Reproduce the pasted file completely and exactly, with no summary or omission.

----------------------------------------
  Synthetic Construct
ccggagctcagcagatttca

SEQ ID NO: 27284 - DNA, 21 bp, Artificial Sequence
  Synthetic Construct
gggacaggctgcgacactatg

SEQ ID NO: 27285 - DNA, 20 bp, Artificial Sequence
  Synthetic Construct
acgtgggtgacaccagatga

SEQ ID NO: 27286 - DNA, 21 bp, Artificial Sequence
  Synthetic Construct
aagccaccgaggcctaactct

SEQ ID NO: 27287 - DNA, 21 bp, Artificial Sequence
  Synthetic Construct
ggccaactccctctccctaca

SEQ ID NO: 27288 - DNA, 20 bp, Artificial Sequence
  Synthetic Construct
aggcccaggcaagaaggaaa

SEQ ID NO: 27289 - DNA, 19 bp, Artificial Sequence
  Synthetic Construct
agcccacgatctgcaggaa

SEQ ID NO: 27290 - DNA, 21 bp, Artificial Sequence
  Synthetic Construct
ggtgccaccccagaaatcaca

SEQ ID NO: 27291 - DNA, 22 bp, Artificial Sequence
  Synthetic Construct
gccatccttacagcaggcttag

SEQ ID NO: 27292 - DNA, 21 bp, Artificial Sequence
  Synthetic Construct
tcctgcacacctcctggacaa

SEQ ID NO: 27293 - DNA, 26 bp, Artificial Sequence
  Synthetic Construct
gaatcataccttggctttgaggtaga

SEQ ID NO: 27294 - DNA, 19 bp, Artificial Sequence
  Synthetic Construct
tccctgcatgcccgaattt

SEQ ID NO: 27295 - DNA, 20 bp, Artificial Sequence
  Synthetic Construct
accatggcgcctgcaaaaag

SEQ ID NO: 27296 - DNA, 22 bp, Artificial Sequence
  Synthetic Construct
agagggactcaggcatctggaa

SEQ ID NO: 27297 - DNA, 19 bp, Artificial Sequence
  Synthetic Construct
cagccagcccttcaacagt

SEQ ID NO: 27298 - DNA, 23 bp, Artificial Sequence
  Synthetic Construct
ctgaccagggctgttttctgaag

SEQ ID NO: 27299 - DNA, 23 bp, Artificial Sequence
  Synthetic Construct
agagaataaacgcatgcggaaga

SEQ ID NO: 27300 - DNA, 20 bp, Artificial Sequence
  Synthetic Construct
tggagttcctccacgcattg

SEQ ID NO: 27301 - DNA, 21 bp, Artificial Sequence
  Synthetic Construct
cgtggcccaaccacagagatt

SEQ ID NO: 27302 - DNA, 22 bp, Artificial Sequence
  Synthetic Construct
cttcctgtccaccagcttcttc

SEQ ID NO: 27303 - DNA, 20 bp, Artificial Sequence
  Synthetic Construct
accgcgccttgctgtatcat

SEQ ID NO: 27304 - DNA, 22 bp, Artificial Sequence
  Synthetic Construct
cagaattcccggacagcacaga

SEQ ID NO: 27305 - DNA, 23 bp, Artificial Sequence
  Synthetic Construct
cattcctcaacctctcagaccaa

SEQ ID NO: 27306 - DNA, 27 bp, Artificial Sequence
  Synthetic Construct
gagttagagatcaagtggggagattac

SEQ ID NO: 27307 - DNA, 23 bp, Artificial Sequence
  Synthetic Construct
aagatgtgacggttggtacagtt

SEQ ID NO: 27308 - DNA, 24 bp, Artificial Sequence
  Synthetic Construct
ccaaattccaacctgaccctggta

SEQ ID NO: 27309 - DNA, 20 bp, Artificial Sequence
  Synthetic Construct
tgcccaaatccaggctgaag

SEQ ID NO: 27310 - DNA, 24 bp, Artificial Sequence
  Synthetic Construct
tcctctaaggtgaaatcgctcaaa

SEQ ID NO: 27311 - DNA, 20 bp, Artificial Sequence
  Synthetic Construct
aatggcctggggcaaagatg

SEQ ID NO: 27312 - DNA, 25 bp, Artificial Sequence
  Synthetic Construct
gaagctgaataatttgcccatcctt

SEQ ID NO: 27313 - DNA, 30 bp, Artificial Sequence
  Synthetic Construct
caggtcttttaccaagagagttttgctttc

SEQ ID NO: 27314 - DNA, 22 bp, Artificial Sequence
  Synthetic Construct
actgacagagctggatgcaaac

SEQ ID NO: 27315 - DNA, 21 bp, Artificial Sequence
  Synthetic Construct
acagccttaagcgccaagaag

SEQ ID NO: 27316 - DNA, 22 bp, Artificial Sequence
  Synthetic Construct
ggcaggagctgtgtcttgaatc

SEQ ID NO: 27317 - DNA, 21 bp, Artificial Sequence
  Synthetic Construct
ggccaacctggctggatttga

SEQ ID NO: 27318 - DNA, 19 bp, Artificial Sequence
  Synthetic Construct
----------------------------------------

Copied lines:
  Synthetic Construct
ccggagctcagcagatttca

SEQ ID NO: 27284 - DNA, 21 bp, Artificial Sequence
  Synthetic Construct
gggacaggctgcgacactatg

SEQ ID NO: 27285 - DNA, 20 bp, Artificial Sequence
  Synthetic Construct
acgtgggtgacaccagatga

SEQ ID NO: 27286 - DNA, 21 bp, Artificial Sequence
  Synthetic Construct
aagccaccgaggcctaactct

SEQ ID NO: 27287 - DNA, 21 bp, Artificial Sequence
  Synthetic Construct
ggccaactccctctccctaca

SEQ ID NO: 27288 - DNA, 20 bp, Artificial Sequence
  Synthetic Construct
aggcccaggcaagaaggaaa

SEQ ID NO: 27289 - DNA, 19 bp, Artificial Sequence
  Synthetic Construct
agcccacgatctgcaggaa

SEQ ID NO: 27290 - DNA, 21 bp, Artificial Sequence
  Synthetic Construct
ggtgccaccccagaaatcaca

SEQ ID NO: 27291 - DNA, 22 bp, Artificial Sequence
  Synthetic Construct
gccatccttacagcaggcttag

SEQ ID NO: 27292 - DNA, 21 bp, Artificial Sequence
  Synthetic Construct
tcctgcacacctcctggacaa

SEQ ID NO: 27293 - DNA, 26 bp, Artificial Sequence
  Synthetic Construct
gaatcataccttggctttgaggtaga

SEQ ID NO: 27294 - DNA, 19 bp, Artificial Sequence
  Synthetic Construct
tccctgcatgcccgaattt

SEQ ID NO: 27295 - DNA, 20 bp, Artificial Sequence
  Synthetic Construct
accatggcgcctgcaaaaag

SEQ ID NO: 27296 - DNA, 22 bp, Artificial Sequence
  Synthetic Construct
agagggactcaggcatctggaa

SEQ ID NO: 27297 - DNA, 19 bp, Artificial Sequence
  Synthetic Construct
cagccagcccttcaacagt

SEQ ID NO: 27298 - DNA, 23 bp, Artificial Sequence
  Synthetic Construct
ctgaccagggctgttttctgaag

SEQ ID NO: 27299 - DNA, 23 bp, Artificial Sequence
  Synthetic Construct
agagaataaacgcatgcggaaga

SEQ ID NO: 27300 - DNA, 20 bp, Artificial Sequence
  Synthetic Construct
tggagttcctccacgcattg

SEQ ID NO: 27301 - DNA, 21 bp, Artificial Sequence
  Synthetic Construct
cgtggcccaaccacagagatt

SEQ ID NO: 27302 - DNA, 22 bp, Artificial Sequence
  Synthetic Construct
cttcctgtccaccagcttcttc

SEQ ID NO: 27303 - DNA, 20 bp, Artificial Sequence
  Synthetic Construct
accgcgccttgctgtatcat

SEQ ID NO: 27304 - DNA, 22 bp, Artificial Sequence
  Synthetic Construct
cagaattcccggacagcacaga

SEQ ID NO: 27305 - DNA, 23 bp, Artificial Sequence
  Synthetic Construct
cattcctcaacctctcagaccaa

SEQ ID NO: 27306 - DNA, 27 bp, Artificial Sequence
  Synthetic Construct
gagttagagatcaagtggggagattac

SEQ ID NO: 27307 - DNA, 23 bp, Artificial Sequence
  Synthetic Construct
aagatgtgacggttggtacagtt

SEQ ID NO: 27308 - DNA, 24 bp, Artificial Sequence
  Synthetic Construct
ccaaattccaacctgaccctggta

SEQ ID NO: 27309 - DNA, 20 bp, Artificial Sequence
  Synthetic Construct
tgcccaaatccaggctgaag

SEQ ID NO: 27310 - DNA, 24 bp, Artificial Sequence
  Synthetic Construct
tcctctaaggtgaaatcgctcaaa

SEQ ID NO: 27311 - DNA, 20 bp, Artificial Sequence
  Synthetic Construct
aatggcctggggcaaagatg

SEQ ID NO: 27312 - DNA, 25 bp, Artificial Sequence
  Synthetic Construct
gaagctgaataatttgcccatcctt

SEQ ID NO: 27313 - DNA, 30 bp, Artificial Sequence
  Synthetic Construct
caggtcttttaccaagagagttttgctttc

SEQ ID NO: 27314 - DNA, 22 bp, Artificial Sequence
  Synthetic Construct
actgacagagctggatgcaaac

SEQ ID NO: 27315 - DNA, 21 bp, Artificial Sequence
  Synthetic Construct
acagccttaagcgccaagaag

SEQ ID NO: 27316 - DNA, 22 bp, Artificial Sequence
  Synthetic Construct
ggcaggagctgtgtcttgaatc

SEQ ID NO: 27317 - DNA, 21 bp, Artificial Sequence
  Synthetic Construct
ggccaacctggctggatttga

SEQ ID NO: 27318 - DNA, 19 bp, Artificial Sequence
  Synthetic Construct